Does too much phosphate cause algae?
I have read conflicting theories about this and I was wondering if anyone really knows the answer. Do I need to worry about making sure that phosphate is the limiting factor or not? I have both green dust algae and green spot algae in one tank right now which is what got me thinking about whether I should slack back on phosphate in that tank. But then of course my plants are already hurting from the gsa, I don't want to do anything that will make things worse either. I especially don't want to get into bga territory again, I wiped out a whole tank of plants before and literally can't afford to kill anything else.
No, phosphate is not a cause of algae. In fact more phosphate will usually stop GSA. No nutrient, other than ammonia, is a cause of algae.
Hm. Should I be dosing something higher to get rid of gsa?
I dose about twice what the EI quantities are of KH2PO4 to keep my GSA away. I played around with phosphate for several weeks before just giving in and doubling the EI dosage. Right now I am dosing about half of the EI rate, with a rich substrate and relatively low lighting, but I am still dosing about twice the recommended amount, in proportion to nitrate, recommended by EI. I don't claim that this is what everyone should do, or even that it is necessary for me, but it does seem to work for me.
That statement should be amended to read, "In a well-planted aquarium, phosphate is not a cause of algae."
Originally Posted by VaughnH
I spent part of last weekend fishing in a 25 acre lake that was over-fertilized with phosphates (and nitrates.) The transparency was about 6 inches. There were macrophytes present.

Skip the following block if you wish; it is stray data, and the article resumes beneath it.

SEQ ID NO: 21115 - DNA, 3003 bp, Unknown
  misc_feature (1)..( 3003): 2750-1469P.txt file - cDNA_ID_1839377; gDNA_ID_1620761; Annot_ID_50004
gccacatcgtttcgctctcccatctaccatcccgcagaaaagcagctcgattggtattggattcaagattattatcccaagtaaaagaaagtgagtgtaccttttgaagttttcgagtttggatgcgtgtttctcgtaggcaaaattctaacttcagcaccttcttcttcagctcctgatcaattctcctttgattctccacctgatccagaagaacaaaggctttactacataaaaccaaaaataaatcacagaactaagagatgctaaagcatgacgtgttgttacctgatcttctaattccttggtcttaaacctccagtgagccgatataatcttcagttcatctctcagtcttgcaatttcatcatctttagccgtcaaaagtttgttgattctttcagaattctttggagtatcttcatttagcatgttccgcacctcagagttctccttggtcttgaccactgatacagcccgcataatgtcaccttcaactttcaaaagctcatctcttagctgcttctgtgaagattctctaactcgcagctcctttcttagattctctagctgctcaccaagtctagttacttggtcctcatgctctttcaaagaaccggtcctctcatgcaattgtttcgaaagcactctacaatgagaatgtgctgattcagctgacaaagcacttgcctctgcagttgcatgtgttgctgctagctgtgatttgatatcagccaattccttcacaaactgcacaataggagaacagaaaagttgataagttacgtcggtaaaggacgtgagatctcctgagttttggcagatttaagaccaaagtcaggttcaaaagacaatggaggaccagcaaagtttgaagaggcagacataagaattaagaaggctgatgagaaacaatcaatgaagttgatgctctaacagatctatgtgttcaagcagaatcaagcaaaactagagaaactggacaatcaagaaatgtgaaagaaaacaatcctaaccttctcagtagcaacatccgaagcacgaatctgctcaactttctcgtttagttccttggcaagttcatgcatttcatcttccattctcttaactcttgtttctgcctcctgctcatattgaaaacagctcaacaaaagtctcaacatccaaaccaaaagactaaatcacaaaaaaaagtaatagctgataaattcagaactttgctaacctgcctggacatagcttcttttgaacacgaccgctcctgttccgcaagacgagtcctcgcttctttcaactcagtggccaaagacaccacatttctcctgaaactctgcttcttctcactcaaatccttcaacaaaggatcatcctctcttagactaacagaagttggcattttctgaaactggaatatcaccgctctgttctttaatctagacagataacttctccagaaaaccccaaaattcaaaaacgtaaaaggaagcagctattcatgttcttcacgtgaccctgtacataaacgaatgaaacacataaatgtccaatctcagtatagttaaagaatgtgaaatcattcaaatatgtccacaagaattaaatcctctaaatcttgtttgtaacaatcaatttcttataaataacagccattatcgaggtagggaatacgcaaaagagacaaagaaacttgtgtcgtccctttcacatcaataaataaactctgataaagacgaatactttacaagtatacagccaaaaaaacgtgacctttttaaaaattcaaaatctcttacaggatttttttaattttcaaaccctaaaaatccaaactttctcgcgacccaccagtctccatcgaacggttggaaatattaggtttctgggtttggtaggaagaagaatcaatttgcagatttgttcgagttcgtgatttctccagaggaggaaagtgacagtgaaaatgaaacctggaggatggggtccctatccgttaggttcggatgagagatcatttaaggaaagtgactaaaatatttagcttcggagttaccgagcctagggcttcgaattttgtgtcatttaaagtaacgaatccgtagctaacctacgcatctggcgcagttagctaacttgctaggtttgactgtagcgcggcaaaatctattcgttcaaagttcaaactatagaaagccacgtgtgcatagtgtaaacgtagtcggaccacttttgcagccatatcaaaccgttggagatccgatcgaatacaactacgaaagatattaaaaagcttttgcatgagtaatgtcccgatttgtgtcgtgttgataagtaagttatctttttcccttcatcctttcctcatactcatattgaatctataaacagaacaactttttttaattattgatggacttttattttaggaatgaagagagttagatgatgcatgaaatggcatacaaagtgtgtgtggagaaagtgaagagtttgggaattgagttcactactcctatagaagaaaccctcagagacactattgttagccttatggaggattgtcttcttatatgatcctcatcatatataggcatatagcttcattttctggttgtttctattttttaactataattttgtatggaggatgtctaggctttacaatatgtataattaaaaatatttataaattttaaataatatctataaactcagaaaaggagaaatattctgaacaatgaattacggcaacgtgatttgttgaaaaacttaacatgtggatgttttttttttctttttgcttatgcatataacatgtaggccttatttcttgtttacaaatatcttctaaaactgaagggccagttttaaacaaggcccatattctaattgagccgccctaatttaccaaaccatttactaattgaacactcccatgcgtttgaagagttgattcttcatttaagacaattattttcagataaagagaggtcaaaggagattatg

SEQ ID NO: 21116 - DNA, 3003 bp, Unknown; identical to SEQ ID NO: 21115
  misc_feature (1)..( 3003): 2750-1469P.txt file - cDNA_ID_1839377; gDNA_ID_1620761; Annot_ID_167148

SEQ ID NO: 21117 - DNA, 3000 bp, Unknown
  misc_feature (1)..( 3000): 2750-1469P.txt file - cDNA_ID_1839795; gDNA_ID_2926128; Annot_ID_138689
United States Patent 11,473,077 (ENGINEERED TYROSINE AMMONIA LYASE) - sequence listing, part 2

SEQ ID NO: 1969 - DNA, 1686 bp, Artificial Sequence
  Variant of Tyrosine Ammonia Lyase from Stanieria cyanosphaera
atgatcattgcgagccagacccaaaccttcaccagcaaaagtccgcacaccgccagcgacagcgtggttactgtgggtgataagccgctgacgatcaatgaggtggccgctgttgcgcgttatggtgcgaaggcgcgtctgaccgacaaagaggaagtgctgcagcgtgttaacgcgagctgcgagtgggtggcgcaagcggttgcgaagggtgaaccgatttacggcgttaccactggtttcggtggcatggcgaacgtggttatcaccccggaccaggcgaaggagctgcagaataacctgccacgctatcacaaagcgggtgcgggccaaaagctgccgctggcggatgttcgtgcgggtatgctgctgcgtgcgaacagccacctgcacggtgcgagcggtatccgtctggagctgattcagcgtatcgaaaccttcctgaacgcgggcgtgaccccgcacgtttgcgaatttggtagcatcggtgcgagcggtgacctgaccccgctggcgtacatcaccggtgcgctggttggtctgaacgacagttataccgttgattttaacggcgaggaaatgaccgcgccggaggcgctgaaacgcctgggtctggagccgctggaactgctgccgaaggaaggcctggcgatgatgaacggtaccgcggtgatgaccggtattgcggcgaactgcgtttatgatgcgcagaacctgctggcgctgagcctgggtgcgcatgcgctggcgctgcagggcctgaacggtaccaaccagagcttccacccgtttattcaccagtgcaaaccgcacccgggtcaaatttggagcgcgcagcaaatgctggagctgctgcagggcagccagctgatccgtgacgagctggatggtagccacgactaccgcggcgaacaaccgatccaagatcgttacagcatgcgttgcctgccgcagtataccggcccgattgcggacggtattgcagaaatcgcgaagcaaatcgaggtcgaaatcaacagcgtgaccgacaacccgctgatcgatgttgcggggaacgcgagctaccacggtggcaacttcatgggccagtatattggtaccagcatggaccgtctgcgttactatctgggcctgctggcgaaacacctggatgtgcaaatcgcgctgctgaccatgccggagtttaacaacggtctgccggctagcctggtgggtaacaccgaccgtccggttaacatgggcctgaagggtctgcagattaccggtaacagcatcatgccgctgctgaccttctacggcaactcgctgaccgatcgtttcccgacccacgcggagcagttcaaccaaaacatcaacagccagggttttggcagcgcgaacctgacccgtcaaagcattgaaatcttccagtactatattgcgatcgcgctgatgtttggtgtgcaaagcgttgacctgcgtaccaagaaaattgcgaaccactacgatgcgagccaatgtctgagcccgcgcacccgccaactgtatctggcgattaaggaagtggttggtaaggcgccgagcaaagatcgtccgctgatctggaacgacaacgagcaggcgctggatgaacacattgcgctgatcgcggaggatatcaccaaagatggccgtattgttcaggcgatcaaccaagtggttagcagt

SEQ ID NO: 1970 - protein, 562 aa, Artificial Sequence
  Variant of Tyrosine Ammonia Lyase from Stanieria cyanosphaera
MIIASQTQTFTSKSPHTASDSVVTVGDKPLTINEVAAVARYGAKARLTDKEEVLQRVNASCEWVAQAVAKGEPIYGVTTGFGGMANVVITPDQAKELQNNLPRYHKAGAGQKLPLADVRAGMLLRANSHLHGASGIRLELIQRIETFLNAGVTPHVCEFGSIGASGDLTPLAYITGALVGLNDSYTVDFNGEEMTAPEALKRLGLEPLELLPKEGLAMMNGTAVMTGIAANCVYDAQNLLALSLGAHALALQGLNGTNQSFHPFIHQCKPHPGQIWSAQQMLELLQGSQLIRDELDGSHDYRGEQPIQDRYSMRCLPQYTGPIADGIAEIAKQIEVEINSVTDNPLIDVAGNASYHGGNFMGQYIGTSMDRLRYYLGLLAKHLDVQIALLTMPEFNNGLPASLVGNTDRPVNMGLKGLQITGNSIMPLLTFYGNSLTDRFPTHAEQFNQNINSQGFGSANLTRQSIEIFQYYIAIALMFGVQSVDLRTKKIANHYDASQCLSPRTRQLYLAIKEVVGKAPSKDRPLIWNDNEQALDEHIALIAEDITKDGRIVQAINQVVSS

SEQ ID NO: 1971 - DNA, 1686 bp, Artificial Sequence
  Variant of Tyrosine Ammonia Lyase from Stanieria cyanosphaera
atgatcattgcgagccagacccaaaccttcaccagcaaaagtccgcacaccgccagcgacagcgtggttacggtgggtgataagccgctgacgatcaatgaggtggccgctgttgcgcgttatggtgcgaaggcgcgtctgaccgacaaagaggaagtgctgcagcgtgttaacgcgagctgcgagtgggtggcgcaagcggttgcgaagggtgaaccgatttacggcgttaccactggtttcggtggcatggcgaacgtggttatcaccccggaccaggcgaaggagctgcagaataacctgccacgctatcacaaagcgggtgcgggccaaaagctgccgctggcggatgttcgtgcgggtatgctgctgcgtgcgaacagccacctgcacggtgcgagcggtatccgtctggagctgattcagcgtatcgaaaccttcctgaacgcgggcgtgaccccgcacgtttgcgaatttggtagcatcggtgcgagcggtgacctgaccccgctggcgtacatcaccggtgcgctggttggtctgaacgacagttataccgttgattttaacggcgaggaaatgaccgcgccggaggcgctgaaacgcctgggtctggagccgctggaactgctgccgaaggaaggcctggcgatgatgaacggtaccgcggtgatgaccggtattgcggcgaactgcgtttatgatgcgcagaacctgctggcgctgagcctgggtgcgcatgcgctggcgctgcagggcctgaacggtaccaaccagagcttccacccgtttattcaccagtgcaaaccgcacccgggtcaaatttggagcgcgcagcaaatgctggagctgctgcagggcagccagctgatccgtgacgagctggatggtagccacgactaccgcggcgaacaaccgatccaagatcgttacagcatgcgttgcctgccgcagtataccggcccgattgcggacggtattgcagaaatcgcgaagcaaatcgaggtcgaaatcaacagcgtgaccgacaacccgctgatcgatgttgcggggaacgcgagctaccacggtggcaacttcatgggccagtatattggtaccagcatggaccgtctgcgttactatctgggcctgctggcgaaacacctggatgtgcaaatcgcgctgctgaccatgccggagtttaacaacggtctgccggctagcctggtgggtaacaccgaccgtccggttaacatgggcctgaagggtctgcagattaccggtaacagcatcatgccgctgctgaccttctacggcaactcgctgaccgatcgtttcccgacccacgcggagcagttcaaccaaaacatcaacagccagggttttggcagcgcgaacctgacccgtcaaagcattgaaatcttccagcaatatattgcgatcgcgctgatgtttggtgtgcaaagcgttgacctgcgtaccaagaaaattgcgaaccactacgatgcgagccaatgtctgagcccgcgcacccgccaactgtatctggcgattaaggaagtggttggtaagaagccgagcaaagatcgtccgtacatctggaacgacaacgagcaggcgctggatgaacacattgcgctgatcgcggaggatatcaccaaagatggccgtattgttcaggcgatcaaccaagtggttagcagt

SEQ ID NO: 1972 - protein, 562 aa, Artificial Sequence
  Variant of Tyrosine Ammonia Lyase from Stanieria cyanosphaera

Excess nutrients, mainly phosphates, are the reasons that many lakes and bays are dying.
We need to disconnect our aquarium "science" from the eutrophication issue in lakes and bays. The environments are totally different, the ecosystems are totally different, and it only confuses the issue to conflate them. By the way, I don't think it is established that ammonia is not the trigger for algae in lakes and bays. There are certainly many sources of ammonia present in such bodies of water. In any case we have so much difficulty disconnecting people from the belief that they have to minimiize phosphate in a planted tank that introducing irrelevant analogies isn't a good idea.
Sorry, you pushed a hot button there!
Well, I will try increasing phosphate and see what happens! It will be a fun experiment if nothing else!
Bill, when you have more than 30-50% of the entire surface area covered in a subtropical or tropical shallow lake with macrophytes, adding PO4 = more weeds, the lakes in Florida, 7800 are 4 hectarces or larger, are gin clear regardless of the PO4 content in the water column.
You will get algae where the % of surface area is less, or where wind resuspenision or they have removed the plants etc occur.
They have found no correlation between PO4 in lakes with macrophytes and algae.
A good paper that refutes some of the older seminal work done by Philips 1978, was done at the old lab I worked at in UF.